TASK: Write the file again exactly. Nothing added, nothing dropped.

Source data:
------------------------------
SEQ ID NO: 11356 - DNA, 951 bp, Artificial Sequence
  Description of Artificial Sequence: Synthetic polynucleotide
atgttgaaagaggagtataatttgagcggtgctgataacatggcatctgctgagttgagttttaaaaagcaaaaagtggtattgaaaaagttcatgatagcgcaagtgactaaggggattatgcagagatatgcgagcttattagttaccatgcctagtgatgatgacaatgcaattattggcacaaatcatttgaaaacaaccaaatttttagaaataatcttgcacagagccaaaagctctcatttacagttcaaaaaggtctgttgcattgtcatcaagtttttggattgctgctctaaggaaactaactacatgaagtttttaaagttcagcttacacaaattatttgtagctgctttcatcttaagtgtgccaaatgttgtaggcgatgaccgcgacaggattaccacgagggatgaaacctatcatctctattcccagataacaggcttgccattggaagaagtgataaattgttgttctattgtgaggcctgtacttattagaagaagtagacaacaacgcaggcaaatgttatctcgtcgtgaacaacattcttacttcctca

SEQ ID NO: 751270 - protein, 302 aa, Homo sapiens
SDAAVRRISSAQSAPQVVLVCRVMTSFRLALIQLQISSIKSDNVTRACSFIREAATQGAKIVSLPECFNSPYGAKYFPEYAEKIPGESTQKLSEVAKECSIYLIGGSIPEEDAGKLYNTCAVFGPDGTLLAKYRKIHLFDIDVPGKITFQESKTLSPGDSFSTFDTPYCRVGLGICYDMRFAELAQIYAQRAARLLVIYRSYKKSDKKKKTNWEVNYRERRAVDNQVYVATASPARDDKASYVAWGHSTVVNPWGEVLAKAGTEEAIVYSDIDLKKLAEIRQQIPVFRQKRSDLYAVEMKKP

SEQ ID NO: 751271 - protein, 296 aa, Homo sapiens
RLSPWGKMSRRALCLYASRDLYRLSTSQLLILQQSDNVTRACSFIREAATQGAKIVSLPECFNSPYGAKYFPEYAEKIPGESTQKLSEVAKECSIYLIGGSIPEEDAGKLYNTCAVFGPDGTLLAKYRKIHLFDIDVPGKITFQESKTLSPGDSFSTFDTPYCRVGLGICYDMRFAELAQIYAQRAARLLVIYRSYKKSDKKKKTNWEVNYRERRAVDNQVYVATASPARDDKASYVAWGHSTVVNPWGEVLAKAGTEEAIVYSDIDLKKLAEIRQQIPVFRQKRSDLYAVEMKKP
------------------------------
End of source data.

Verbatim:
SEQ ID NO: 11356 - DNA, 951 bp, Artificial Sequence
  Description of Artificial Sequence: Synthetic polynucleotide
atgttgaaagaggagtataatttgagcggtgctgataacatggcatctgctgagttgagttttaaaaagcaaaaagtggtattgaaaaagttcatgatagcgcaagtgactaaggggattatgcagagatatgcgagcttattagttaccatgcctagtgatgatgacaatgcaattattggcacaaatcatttgaaaacaaccaaatttttagaaataatcttgcacagagccaaaagctctcatttacagttcaaaaaggtctgttgcattgtcatcaagtttttggattgctgctctaaggaaactaactacatgaagtttttaaagttcagcttacacaaattatttgtagctgctttcatcttaagtgtgccaaatgttgtaggcgatgaccgcgacaggattaccacgagggatgaaacctatcatctctattcccagataacaggcttgccattggaagaagtgataaattgttgttctattgtgaggcctgtacttattagaagaagtagacaacaacgcaggcaaatgttatctcgtcgtgaacaacattcttacttcctca

SEQ ID NO: 751270 - protein, 302 aa, Homo sapiens
SDAAVRRISSAQSAPQVVLVCRVMTSFRLALIQLQISSIKSDNVTRACSFIREAATQGAKIVSLPECFNSPYGAKYFPEYAEKIPGESTQKLSEVAKECSIYLIGGSIPEEDAGKLYNTCAVFGPDGTLLAKYRKIHLFDIDVPGKITFQESKTLSPGDSFSTFDTPYCRVGLGICYDMRFAELAQIYAQRAARLLVIYRSYKKSDKKKKTNWEVNYRERRAVDNQVYVATASPARDDKASYVAWGHSTVVNPWGEVLAKAGTEEAIVYSDIDLKKLAEIRQQIPVFRQKRSDLYAVEMKKP

SEQ ID NO: 751271 - protein, 296 aa, Homo sapiens
RLSPWGKMSRRALCLYASRDLYRLSTSQLLILQQSDNVTRACSFIREAATQGAKIVSLPECFNSPYGAKYFPEYAEKIPGESTQKLSEVAKECSIYLIGGSIPEEDAGKLYNTCAVFGPDGTLLAKYRKIHLFDIDVPGKITFQESKTLSPGDSFSTFDTPYCRVGLGICYDMRFAELAQIYAQRAARLLVIYRSYKKSDKKKKTNWEVNYRERRAVDNQVYVATASPARDDKASYVAWGHSTVVNPWGEVLAKAGTEEAIVYSDIDLKKLAEIRQQIPVFRQKRSDLYAVEMKKP